NBA Team Layouts

In the modern era of the National Basketball Association. Their has been a distinct pattern among the way certain teams have chosen to create and build the way they attempt to compete for an NBA Championship. While many General Managers of NBA teams have drawn criticism over the years for the lack of success the team they have assembled or maybe the way draft picks may or may not panned out, the assumption has to be made that these team's correlating general managers had layed out some kind of game plan in terms of getting certain players to put themselves in a position to succeed.

Superstar and Role Players

Lebron James spend many years in Cleveland struggling with teams like this at times. A lot of GM's around the NBA are lucky enough whether through the draft or trade to land one of the top few players in the league and attempt to surround them with role players in order to compete.

What goes wrong

Certain teams are not able to surround the star with the proper talent in order to get their team to be consistently competitive. Teams like Lebron's Cleveland teams in 2008-2010 or Kobe's post-Shaq Lakers have struggled in not having a proper second option for the star. Many teams surround the star with borderline all stars, or at times will get a player in the offseason who was coming off of a great year or on the decline and give them a contract they don't play up to over the length of it. Vince Carter, Mo Williams, and Gilbert Arenas are good examples of stars playing alongside top notch talent in the NBA that were expected to help the team succeed, but didn't provide the necessary complimentary skillset.

How to be successful

One great way of being successful at type of team build is to make sure to add a consistent all star #2 option beside your best player that compliments his play style. Every NBA team that has been able to truly compete for a championship year in and year out have always had a second fiddle behind their top star. Having the second option does not allow advanced NBA defenses to focus on either phasing the superstar out be making the inconsistent group of role players win important games, or making sure the role players are unable to score and relying on the superstar being able to have high scoring games on a night to night basis to win playoff series.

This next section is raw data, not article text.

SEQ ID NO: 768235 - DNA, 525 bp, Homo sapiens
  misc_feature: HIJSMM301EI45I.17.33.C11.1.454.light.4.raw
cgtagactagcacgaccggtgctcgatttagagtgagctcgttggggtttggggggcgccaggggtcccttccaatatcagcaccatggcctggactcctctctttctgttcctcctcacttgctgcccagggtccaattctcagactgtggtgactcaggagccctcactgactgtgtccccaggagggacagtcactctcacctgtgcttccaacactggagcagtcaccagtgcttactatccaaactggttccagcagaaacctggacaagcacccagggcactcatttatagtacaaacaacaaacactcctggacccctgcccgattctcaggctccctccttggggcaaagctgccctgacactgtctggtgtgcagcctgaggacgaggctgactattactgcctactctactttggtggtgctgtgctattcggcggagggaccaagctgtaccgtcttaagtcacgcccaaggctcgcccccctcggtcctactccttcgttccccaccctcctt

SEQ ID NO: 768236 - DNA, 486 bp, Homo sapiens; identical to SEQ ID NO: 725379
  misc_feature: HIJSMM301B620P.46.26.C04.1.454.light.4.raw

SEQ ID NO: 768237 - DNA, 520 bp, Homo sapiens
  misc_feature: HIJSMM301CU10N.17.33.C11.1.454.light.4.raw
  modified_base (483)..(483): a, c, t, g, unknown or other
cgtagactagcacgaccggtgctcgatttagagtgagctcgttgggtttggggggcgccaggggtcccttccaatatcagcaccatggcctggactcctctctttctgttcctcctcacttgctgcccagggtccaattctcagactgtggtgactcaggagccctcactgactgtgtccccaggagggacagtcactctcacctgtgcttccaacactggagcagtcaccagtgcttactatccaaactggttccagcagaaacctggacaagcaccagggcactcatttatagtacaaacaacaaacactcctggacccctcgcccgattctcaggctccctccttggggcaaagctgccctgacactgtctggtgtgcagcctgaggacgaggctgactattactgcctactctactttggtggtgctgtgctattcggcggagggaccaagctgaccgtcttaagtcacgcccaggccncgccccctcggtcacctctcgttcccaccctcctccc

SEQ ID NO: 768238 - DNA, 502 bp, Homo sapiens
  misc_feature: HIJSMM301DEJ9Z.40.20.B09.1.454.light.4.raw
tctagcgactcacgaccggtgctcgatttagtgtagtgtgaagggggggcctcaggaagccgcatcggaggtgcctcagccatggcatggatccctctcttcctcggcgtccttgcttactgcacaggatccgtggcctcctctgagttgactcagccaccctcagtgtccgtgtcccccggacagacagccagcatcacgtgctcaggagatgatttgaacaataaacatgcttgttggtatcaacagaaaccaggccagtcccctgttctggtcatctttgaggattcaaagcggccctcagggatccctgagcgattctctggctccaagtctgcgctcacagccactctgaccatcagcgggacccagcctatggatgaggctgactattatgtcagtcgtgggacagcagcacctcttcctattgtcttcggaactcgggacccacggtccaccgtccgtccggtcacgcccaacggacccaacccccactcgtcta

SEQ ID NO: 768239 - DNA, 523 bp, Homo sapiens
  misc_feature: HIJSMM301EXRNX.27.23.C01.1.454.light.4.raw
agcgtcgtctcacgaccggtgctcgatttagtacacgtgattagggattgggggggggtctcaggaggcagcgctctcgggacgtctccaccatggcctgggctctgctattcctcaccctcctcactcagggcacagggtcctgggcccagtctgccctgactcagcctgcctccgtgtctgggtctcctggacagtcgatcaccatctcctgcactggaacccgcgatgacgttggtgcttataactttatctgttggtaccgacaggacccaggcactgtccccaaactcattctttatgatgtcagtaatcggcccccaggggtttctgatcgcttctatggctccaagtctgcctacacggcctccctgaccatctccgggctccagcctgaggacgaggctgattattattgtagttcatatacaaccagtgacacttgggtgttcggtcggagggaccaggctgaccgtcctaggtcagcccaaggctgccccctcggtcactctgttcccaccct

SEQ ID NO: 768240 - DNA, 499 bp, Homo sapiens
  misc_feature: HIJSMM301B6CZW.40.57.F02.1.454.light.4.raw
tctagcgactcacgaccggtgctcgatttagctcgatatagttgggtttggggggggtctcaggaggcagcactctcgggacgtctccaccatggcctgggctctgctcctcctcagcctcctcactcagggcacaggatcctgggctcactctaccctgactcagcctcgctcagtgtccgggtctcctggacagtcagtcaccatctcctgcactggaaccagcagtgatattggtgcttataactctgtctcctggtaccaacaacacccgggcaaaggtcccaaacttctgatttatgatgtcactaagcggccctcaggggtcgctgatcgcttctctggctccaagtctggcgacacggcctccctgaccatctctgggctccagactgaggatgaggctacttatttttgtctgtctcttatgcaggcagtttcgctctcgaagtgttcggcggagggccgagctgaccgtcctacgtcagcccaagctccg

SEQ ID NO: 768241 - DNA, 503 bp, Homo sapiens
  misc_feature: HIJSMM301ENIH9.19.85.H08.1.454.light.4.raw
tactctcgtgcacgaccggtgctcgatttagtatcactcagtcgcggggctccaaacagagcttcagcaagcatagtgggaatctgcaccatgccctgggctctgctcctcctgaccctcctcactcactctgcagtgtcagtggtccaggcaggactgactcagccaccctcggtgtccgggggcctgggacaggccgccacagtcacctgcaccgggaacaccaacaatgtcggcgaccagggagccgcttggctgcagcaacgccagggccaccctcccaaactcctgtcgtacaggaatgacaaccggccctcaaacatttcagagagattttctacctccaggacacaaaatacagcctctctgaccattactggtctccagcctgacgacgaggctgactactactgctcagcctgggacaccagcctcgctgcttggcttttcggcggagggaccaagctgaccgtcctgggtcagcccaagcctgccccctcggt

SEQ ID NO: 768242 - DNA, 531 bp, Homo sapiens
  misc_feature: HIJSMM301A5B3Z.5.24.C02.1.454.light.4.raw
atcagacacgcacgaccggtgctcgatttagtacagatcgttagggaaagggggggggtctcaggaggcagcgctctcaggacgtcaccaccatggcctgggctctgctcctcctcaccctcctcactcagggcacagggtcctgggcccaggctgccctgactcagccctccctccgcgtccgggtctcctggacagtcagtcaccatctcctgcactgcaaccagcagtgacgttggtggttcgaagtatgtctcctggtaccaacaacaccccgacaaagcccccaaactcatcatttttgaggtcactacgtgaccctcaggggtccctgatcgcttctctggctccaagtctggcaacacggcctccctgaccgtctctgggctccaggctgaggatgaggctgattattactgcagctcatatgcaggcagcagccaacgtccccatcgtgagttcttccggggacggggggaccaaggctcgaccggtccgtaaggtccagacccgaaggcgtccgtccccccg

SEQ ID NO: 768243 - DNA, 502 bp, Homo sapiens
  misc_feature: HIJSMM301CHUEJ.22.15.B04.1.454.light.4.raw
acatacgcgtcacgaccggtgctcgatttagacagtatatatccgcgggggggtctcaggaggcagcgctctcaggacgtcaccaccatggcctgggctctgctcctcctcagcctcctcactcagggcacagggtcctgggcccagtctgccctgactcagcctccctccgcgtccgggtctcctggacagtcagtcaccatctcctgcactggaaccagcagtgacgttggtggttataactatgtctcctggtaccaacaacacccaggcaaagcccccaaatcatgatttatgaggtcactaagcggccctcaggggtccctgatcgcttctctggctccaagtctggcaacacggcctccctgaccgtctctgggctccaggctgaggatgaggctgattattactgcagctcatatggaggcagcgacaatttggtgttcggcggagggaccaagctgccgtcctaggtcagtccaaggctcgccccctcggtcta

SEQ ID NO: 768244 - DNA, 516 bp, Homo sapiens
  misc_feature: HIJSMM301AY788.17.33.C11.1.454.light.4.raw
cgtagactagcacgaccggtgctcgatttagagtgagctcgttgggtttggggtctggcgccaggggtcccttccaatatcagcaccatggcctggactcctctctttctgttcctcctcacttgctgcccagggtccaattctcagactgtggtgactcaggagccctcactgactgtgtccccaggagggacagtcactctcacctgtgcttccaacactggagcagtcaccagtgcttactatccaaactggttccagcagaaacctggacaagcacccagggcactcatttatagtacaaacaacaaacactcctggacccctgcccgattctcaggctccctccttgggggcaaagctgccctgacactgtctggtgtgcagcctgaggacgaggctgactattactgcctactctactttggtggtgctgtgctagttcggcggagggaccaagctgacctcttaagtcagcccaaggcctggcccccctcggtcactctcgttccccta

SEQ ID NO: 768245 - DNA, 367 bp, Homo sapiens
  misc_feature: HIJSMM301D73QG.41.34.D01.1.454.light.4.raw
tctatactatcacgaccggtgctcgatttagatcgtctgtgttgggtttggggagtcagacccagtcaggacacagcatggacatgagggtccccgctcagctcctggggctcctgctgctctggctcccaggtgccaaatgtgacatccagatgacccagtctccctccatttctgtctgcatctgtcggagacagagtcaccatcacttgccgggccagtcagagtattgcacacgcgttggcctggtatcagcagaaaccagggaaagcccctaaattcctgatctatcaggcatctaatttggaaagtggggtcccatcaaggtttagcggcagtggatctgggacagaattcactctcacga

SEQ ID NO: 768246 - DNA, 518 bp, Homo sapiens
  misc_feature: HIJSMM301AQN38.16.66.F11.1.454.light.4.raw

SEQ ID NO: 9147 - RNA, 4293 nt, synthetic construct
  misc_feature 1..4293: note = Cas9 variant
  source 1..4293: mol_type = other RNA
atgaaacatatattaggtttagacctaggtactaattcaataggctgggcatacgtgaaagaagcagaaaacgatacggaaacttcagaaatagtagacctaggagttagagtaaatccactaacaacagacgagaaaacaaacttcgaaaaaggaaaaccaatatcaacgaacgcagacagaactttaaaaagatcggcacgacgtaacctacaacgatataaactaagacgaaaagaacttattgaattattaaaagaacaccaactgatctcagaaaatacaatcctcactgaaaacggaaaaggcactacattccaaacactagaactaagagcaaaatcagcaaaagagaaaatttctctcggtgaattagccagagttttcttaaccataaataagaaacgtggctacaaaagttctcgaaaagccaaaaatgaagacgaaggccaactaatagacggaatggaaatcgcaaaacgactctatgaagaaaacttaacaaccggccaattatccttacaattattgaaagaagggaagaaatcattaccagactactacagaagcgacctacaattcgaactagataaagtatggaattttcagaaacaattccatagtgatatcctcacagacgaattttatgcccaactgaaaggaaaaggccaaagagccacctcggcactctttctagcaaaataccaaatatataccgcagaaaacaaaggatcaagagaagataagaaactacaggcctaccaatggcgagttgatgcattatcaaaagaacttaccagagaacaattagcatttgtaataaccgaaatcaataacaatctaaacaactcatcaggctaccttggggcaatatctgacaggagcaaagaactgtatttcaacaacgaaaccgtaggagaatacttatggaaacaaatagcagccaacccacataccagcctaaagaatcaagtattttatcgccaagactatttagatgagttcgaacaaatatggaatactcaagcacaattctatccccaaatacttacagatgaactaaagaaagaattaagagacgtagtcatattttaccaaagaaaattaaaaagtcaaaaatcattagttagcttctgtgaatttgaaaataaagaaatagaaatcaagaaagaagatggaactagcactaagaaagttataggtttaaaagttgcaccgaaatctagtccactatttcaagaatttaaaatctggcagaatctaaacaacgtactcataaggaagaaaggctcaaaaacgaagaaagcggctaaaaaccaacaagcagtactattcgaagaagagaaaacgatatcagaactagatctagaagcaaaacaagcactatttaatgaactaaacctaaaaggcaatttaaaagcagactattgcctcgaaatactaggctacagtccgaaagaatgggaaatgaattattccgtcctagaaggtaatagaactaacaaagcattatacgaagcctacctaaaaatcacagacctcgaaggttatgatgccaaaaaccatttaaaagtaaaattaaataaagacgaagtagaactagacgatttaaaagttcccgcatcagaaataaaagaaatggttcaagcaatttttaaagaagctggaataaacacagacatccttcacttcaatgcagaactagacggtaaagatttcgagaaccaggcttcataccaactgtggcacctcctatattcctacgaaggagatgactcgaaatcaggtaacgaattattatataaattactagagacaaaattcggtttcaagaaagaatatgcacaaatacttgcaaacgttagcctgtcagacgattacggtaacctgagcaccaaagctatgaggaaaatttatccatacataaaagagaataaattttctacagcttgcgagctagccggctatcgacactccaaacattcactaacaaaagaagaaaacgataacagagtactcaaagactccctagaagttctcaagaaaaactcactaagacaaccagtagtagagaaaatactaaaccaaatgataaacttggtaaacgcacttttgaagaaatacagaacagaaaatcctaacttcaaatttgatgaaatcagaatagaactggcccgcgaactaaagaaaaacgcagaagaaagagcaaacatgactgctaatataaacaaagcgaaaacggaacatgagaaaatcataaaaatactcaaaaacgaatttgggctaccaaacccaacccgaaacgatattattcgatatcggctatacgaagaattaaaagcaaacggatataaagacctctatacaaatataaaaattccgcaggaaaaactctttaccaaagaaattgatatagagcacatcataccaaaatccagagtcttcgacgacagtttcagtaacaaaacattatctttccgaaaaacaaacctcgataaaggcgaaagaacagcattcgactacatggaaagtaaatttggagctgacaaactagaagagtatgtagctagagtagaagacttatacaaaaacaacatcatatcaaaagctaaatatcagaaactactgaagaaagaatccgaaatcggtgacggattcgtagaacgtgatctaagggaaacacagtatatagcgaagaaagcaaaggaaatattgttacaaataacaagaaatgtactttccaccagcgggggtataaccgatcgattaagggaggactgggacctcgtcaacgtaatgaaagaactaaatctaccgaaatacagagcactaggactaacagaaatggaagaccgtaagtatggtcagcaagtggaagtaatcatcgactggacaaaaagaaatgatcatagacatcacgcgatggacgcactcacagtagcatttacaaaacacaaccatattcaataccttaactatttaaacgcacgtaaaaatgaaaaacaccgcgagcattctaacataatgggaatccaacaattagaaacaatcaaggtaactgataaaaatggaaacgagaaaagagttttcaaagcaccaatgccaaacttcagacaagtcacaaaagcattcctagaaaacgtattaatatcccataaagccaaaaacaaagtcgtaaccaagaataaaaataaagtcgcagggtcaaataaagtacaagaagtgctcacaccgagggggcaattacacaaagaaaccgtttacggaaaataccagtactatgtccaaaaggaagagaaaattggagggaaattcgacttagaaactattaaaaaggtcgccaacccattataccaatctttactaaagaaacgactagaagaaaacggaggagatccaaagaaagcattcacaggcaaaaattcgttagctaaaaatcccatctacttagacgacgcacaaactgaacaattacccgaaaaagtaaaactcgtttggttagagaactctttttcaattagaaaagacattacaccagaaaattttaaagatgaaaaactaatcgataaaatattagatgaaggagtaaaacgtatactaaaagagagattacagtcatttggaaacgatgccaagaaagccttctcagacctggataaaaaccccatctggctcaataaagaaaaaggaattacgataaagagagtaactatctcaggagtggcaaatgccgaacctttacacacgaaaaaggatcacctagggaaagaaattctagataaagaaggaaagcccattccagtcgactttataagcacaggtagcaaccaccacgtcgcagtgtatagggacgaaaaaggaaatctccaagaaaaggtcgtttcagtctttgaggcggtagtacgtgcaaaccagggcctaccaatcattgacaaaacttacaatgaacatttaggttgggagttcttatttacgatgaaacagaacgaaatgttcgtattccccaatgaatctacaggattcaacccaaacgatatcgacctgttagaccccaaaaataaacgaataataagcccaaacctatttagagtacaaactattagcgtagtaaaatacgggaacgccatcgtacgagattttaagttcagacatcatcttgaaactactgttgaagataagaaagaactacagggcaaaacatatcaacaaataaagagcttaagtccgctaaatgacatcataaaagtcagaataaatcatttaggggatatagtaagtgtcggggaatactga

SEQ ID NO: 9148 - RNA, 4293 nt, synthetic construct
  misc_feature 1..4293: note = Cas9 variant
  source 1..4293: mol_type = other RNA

Super Teams

The Miami Heat after the 2010 offseason were able to continue a trend that in the modern NBA that may have stemmed from the 2008 Boston Celtics. Teams have recently started a trend where they clear salary cap space prior to an offseason with many highly sought after free agents in an attempt they will all join the same team in order to create compete for a title.

What goes wrong

While many of these super teams look good on paper. Teams around the NBA have spent many years and cleared salary cap room at times rendering them uncompetitive for multiple seasons in order to create these new super teams. While the Boston Celtics and the Miami Heat have both seen an NBA title along with finals appearances from doing so. Many teams were not able to acquire the superstars and have seen themselves fall into mediocrity since. In the offseason prior to Lebron James becoming a free agent, the Cleveland Cavaliers, New Jersey Nets, New York Knicks, and Miami Heat all had cleared salary room in anticipation of being able to add multiple high caliber players to their roster. Another foreseen issue in acquire many big name players is the inability to surround them with the correct talent. While having three possible top 10 players on you roster can allow you to compete on any given night, another problem lies within the lack of salary cap space to sign complimentary free agents. Many teams are forced to sign veteran players or low cost contracts, and as a result of it may end up with injury prone talent or players not able to produce consistently